Roper is spot on with looking for that drop off, what I try to do is find the inlet(or spring) and the outlet and fish the drop off in between those two areas.
  10. Roper is on with the full sinking line. An intermediate can be offset by a full floater and a split shot or a weighted fly. My opinion is that the location of the line is not as important as the location of the fly. You can buy a lot of leader for the cost of the new top end fly lines. Of course, if you find that you must have a certain line or piece of equipment, go for it. It is your money.
  11. I like a faster sinking line, my idea is to get down fairly quick, on how you move the fly, it seems to me trolling is about as effect as stripping , stripping for me is bring the fly up thru different depths, if they hit just trolling, then trolling it is. I fish with guys that always strip back, I don't . I usually have on fast sink, if they are close to the surface, I cast ,and strip giving it no time to sink, that method was very effect on Quake Lake last summer, and just the opposite on Wade Lake, had to get deep, two opposite conditions , using the same line with good results.
  12. Early Spring? Sleep in, get to the lake late (about 10am). Bring a floater and some dries and emergers. Watch downwind along the shoreline for little guys that look like sailboats around logs & rocks..and have some fun...
    I also like the camolux...
  13. Planted trout in local lakes will be in the top of the water column early on. I fished two local lakes today and got fish trolling with a 3wt floating line setup and a 5wt sink tip with weighted fly setup. I also bring a third rod with a heavy full sink line for getting deep when looking for carry-overs. I tried the full sink a couple of times on the second lake today but got nothing with it.
    Plants from this year will be stupid for the near future and will hit anything that looks alive. Older fish will get a little more picky at times but they'll still hit the random buggy looking flies too. I'm not a big lake fisherman but I get some local hold-overs on buggers, carey specials, and crawdad patterns.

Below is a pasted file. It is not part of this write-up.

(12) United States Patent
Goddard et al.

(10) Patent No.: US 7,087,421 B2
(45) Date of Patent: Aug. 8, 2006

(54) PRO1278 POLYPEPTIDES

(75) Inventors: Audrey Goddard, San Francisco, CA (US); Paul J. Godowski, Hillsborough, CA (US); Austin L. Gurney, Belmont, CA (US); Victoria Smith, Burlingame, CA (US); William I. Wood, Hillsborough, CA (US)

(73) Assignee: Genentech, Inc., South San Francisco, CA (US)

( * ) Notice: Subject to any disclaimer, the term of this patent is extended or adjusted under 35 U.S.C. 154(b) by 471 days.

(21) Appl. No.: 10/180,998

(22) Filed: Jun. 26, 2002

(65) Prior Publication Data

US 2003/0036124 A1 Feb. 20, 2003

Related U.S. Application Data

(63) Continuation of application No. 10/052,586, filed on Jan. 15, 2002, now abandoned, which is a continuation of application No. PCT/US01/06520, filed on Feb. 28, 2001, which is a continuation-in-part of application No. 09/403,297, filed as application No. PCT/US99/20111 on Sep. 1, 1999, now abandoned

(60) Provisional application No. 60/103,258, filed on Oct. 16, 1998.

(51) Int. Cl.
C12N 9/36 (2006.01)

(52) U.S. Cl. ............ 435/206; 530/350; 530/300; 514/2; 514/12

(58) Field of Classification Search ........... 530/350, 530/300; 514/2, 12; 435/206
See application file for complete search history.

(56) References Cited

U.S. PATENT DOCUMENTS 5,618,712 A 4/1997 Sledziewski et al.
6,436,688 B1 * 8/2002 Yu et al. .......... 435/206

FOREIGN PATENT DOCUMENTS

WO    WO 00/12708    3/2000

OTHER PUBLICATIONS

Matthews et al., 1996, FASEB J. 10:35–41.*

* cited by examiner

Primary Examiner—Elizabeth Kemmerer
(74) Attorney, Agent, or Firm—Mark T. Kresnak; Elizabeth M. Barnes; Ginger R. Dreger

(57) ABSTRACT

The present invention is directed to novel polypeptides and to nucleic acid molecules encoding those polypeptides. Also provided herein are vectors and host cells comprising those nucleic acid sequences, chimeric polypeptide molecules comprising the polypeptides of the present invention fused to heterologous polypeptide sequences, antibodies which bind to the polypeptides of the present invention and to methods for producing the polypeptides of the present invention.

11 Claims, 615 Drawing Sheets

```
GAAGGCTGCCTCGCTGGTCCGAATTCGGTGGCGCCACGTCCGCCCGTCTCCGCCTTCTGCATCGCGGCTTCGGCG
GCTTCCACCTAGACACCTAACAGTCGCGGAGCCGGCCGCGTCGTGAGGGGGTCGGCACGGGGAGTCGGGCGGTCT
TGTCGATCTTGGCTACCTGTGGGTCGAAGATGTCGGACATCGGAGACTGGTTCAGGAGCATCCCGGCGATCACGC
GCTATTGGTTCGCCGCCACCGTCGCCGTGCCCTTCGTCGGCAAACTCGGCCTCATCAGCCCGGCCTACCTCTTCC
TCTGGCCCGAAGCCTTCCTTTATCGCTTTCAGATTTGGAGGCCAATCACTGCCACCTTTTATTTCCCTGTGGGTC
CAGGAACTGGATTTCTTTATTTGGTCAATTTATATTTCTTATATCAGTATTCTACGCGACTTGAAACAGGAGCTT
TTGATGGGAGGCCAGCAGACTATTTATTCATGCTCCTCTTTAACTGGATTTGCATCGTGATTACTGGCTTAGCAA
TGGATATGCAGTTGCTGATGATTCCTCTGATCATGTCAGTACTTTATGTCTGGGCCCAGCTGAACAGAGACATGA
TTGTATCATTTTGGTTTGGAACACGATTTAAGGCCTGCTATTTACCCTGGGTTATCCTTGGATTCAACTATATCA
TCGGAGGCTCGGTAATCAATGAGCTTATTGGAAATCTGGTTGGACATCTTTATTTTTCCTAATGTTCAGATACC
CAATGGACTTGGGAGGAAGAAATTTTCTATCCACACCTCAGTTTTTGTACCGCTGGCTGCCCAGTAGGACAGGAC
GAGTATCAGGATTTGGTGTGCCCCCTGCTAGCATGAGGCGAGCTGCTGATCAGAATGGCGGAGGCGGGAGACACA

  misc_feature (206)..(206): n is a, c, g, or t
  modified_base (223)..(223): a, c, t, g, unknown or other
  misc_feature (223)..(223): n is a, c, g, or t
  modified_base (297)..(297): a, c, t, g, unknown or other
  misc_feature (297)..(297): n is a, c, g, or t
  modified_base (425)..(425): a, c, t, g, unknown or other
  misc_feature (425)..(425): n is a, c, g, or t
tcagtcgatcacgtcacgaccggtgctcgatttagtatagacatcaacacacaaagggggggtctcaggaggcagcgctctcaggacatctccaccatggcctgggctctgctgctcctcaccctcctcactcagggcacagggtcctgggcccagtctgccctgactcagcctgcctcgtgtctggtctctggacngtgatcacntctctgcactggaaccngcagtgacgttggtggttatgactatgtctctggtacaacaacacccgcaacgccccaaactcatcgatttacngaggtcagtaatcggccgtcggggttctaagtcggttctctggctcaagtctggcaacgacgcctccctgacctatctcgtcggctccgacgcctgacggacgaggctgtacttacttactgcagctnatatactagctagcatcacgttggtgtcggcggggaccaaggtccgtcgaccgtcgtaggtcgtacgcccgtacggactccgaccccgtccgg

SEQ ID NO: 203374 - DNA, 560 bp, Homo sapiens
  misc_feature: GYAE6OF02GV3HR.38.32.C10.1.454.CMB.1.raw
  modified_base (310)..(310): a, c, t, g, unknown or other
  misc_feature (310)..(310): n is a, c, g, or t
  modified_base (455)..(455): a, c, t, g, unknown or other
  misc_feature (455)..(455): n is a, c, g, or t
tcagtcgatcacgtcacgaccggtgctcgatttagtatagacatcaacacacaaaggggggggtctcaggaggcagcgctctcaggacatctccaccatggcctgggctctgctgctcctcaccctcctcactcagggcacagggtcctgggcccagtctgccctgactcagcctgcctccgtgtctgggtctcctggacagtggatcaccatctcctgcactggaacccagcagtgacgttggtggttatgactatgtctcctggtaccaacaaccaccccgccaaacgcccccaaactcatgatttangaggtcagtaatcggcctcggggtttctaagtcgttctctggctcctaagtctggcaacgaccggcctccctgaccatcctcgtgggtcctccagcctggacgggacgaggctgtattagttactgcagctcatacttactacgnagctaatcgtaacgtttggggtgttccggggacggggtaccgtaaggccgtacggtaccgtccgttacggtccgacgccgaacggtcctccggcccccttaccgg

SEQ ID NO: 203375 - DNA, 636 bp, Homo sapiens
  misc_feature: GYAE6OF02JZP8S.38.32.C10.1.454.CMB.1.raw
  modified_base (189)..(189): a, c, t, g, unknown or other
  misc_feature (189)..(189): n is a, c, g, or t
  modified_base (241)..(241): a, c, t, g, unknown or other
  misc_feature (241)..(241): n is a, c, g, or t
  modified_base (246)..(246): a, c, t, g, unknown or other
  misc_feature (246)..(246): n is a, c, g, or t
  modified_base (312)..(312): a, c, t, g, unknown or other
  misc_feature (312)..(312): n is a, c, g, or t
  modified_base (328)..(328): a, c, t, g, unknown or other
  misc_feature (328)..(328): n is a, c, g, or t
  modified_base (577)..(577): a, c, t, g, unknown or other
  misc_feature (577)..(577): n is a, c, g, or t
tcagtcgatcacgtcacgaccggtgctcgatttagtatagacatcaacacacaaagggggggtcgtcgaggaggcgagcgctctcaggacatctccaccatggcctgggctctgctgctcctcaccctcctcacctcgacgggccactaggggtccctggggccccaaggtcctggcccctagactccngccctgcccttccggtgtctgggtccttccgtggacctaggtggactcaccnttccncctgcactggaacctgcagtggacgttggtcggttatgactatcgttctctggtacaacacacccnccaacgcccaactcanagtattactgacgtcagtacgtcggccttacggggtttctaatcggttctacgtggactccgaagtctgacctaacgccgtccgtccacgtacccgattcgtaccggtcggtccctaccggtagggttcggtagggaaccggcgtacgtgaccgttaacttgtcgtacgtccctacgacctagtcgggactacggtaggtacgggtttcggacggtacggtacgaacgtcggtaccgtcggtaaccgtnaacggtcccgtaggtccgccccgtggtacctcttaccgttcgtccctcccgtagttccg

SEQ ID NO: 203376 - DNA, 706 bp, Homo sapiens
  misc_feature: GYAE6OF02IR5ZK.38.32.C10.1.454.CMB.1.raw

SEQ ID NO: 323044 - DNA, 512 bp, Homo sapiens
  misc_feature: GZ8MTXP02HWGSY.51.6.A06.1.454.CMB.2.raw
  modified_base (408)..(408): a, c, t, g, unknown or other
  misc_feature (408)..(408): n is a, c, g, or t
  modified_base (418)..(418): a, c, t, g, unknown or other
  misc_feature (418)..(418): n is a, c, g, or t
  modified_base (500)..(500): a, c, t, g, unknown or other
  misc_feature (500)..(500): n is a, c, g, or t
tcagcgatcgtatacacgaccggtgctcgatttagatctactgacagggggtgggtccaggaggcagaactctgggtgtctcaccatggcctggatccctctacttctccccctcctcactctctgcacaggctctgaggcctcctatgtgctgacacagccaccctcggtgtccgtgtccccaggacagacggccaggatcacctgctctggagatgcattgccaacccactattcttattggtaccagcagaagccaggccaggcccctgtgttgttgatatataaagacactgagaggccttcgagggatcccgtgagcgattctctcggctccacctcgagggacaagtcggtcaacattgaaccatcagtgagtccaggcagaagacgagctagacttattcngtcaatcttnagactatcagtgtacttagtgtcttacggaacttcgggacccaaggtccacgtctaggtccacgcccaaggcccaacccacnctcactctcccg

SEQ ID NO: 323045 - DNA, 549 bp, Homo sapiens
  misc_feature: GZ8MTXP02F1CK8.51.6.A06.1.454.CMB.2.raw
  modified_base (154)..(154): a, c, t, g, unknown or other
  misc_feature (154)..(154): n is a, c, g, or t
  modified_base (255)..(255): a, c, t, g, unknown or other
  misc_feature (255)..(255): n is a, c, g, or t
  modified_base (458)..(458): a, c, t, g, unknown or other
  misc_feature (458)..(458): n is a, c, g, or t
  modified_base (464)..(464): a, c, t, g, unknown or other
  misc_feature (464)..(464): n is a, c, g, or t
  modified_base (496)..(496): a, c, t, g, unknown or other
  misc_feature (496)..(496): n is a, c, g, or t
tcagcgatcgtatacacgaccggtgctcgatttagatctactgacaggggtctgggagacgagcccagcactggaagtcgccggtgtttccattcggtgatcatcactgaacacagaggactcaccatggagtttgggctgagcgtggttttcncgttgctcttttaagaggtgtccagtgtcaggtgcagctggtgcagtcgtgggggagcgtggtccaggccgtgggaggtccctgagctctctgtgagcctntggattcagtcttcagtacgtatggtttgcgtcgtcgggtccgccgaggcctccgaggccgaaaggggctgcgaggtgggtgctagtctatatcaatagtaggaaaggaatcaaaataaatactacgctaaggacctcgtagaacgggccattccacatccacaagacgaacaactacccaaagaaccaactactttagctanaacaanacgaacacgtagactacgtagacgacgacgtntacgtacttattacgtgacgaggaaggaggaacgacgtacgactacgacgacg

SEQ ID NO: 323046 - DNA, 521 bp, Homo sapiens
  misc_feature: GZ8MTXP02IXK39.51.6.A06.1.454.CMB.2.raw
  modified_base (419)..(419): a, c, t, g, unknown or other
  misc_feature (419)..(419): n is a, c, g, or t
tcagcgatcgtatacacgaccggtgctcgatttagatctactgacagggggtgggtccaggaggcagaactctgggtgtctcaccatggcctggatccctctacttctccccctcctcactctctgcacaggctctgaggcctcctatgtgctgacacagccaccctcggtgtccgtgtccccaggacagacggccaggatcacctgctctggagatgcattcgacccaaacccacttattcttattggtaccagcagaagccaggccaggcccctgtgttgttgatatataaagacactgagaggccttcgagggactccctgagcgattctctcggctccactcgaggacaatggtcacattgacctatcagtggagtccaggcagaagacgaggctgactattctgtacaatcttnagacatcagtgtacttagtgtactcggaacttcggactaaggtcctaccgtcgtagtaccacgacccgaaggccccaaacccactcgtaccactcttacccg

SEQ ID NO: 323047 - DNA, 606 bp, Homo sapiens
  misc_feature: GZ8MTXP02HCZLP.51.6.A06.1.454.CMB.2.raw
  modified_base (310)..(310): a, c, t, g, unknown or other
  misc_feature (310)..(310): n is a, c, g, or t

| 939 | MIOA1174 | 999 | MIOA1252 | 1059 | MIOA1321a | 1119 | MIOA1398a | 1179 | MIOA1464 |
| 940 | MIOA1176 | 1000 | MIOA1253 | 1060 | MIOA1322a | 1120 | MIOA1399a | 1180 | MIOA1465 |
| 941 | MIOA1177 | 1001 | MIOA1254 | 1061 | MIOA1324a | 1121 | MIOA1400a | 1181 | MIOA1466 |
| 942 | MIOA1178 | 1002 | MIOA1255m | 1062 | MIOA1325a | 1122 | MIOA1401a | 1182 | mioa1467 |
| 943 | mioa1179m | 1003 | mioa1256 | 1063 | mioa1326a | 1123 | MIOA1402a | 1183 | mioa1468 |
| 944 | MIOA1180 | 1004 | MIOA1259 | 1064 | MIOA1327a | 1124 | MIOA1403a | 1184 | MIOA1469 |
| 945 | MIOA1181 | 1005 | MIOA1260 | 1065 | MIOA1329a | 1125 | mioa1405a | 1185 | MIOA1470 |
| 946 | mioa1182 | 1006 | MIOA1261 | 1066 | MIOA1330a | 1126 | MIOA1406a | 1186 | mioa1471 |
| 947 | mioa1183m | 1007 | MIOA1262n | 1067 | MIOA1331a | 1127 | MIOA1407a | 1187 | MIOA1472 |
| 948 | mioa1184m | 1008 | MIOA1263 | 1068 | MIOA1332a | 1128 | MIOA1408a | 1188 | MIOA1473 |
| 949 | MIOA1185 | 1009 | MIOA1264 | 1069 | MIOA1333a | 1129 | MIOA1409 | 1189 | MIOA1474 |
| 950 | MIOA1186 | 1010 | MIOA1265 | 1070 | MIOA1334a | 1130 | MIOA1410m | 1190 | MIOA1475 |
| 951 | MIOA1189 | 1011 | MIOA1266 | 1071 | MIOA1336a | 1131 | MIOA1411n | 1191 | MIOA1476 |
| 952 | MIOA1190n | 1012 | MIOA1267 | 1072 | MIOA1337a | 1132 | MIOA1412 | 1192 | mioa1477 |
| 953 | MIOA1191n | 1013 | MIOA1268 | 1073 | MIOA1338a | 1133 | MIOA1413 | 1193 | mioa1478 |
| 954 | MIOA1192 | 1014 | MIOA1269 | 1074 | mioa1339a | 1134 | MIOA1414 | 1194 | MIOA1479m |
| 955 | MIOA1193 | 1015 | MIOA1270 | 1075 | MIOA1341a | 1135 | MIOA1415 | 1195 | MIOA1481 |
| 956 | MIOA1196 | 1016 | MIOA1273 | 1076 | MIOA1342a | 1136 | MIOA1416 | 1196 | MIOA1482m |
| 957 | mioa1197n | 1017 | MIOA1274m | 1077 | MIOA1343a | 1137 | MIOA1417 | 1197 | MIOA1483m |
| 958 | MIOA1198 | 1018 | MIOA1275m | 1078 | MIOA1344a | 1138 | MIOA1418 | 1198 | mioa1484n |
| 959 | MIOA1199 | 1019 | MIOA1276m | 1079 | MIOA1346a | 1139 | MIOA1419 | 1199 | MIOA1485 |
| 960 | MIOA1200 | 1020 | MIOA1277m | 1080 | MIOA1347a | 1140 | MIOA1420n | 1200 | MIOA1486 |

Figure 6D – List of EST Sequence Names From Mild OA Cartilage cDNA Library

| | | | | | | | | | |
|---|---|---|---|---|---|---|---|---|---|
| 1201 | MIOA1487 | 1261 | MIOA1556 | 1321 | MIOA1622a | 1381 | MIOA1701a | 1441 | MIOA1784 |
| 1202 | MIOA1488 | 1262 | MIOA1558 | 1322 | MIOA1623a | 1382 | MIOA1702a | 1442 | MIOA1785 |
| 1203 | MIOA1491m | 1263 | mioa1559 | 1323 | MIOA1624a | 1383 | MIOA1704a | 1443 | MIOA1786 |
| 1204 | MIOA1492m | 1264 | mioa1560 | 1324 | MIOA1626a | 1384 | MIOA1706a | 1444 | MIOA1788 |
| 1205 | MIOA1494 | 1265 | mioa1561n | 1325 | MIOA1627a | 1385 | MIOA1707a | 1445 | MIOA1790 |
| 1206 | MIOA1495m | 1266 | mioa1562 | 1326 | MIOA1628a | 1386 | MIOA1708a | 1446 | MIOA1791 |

14. Thanks for all the info, that's basically what I did was just parallel shore in about 12 ft depth had great luck with that.... Might be a stupid question but what is an indicator set up? It seems everyone uses and suggests it....
  15. Nothing more than a bobber on you leader with a wet fly under it.
    All different approaches to the indicator. Some use a plastic bubble, some use a yarn with floatant.
  16. Not to hijack the thread, but have you used the indicator in the link, Troutpocket? It looks interesting. A bit pricy with the shipping and all, but looks like a good set up, especially for longer leaders.
  17. I have used them(or ones just like them), they work well but once and a while will put a kink in the leader, which is probably my fault for using too light of tippet when running out 12' or more? I am pretty sure I picked them up at pacific fly fishers in mill creek, they come in red and yellow make sure to get a couple of each, the yellow are really hard to see on the water in certain light conditions.
  18. I think the fly shop that doesn't carry this style of indicator is now the exception. Shipping costs shouldn't be a issue. These are the only style of indicator I use in stillwater anymore.
  19. Thanks for the tip. I have been planning a trip to pick up some feathers so I will pick up a few.